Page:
Wednesday, April 22, 2009

Corruption Is A Symptom of BIG Government!

Filipinos have long been seduced to the notion that the only way to get rid of corruption is to elect or put in place a "virtuous" or "moral" leader or what I call "personality based" politics. Hence, the political cycle of hope and despair: great hope in a new leader and eventual despair from the unrealized expectations on the incumbents.

And this vicious cycle has seemingly translated to a perpetual fantasy or the ever elusive goal of good governance.

Unfortunately, hardly anyone including media and our experts in the academe or in private institutions would deal with political realities.

As the following video from Daniel Mitchell of would show, corruption is only a symptom of excessive government interventions, welfare system wrought dependency culture, bloated bureaucracy, stifling web of regulations, scores of counterproductive hardly implementable laws, and government policy instituted handpicking of winners and losers.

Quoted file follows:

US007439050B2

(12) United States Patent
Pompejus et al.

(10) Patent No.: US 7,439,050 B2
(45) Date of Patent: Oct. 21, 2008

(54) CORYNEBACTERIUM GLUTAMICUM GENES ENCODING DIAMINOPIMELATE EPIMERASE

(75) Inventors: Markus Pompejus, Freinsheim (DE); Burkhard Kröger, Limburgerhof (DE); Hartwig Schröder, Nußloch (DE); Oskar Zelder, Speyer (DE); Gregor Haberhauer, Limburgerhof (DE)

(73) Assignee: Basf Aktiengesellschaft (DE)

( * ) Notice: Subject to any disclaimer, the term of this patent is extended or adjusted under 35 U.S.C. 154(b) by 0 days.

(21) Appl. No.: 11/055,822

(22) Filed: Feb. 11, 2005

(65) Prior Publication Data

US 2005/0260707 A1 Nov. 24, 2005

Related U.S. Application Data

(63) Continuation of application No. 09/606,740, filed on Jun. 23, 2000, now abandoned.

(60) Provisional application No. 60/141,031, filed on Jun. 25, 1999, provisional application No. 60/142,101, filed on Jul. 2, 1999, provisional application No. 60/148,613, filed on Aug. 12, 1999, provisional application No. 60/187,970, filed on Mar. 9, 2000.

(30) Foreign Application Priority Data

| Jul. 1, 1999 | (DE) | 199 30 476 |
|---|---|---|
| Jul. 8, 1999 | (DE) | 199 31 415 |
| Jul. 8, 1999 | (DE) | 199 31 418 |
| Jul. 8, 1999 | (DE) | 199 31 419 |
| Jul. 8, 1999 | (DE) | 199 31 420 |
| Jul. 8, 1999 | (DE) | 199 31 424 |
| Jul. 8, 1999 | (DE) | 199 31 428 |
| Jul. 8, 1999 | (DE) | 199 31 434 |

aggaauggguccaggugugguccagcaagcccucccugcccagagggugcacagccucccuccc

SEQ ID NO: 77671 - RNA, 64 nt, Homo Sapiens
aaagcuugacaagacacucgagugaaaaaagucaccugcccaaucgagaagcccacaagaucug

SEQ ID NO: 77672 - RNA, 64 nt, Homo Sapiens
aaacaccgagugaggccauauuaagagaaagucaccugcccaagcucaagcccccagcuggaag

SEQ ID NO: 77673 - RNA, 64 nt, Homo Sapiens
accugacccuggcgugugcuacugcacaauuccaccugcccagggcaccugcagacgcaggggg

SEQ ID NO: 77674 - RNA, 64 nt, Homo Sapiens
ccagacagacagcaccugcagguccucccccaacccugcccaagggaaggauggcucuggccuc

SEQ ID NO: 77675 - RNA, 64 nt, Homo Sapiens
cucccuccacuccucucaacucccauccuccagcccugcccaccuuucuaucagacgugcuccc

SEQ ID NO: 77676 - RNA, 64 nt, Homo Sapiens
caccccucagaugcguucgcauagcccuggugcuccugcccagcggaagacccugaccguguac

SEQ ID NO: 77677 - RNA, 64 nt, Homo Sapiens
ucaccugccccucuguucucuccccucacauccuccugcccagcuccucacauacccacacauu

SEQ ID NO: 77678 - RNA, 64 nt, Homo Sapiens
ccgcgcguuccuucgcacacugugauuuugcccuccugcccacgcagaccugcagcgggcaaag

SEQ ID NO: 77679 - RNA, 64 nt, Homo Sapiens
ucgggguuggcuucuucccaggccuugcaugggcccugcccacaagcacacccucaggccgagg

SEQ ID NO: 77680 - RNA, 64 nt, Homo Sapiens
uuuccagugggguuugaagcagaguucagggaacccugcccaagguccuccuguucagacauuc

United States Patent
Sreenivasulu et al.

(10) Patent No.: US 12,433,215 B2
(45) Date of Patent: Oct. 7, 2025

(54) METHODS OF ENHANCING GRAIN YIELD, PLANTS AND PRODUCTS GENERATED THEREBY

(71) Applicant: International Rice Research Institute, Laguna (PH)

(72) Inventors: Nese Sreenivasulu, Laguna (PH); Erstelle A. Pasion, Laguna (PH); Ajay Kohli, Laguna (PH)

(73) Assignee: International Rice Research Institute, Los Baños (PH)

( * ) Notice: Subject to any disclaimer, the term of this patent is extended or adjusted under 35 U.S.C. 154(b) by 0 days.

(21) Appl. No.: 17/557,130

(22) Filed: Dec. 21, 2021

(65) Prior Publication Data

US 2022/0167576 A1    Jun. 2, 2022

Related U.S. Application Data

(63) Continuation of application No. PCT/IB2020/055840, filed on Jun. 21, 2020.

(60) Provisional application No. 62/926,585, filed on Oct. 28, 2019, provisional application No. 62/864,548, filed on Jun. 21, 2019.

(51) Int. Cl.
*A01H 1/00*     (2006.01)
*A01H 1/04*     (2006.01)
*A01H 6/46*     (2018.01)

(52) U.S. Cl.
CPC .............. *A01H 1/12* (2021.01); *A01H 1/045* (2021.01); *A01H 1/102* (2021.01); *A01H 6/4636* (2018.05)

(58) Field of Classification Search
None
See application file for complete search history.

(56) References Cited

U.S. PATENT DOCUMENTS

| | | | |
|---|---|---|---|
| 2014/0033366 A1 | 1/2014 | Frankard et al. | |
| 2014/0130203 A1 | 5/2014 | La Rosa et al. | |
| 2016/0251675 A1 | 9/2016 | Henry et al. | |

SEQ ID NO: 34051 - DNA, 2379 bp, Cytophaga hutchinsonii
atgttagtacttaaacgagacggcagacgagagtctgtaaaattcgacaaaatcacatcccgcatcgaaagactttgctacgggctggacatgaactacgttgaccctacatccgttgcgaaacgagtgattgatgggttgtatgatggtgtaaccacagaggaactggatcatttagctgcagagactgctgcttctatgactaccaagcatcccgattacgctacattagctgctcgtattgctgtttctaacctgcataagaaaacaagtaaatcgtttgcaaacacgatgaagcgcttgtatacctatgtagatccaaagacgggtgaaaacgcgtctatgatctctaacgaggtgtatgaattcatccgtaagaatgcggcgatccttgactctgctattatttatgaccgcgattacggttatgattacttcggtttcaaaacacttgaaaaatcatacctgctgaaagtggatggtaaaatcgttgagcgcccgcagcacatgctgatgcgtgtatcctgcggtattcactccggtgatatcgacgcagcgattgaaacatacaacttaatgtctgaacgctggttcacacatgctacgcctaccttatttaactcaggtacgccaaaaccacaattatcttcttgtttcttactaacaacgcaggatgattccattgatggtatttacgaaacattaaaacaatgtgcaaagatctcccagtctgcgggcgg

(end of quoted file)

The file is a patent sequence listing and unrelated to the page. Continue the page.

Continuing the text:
In short, big government puts in the incentives that rewards corruption which leads to economic bondage. Ergo, the bigger the government the bigger risks of corruption. We partly dealt about this in our previous post
The Economics of Philippine Election Spending.

Although the following video is referenced to Americans, this big government -corruption causality has a universal application. Just replace Malacanang with Washington and the political dynamics are all the same.

Anyway this introductory quote by Mr. Mitchell from,

``Washington is riddled with both legal and illegal corruption, but why?

``Perhaps it is because government is too big and has too much power. The federal budget redistributes $3.5 trillion through more than 1,800 subsidy programs. The regulatory burden is $1.2 trillion and there have been 51,000 new regulations since 1995. And there are more than 70,000 pages of tax law and regulations.

``These are the reasons why Washington is a hornet’s nest of deal-making, influence-peddling, and back-scratching."

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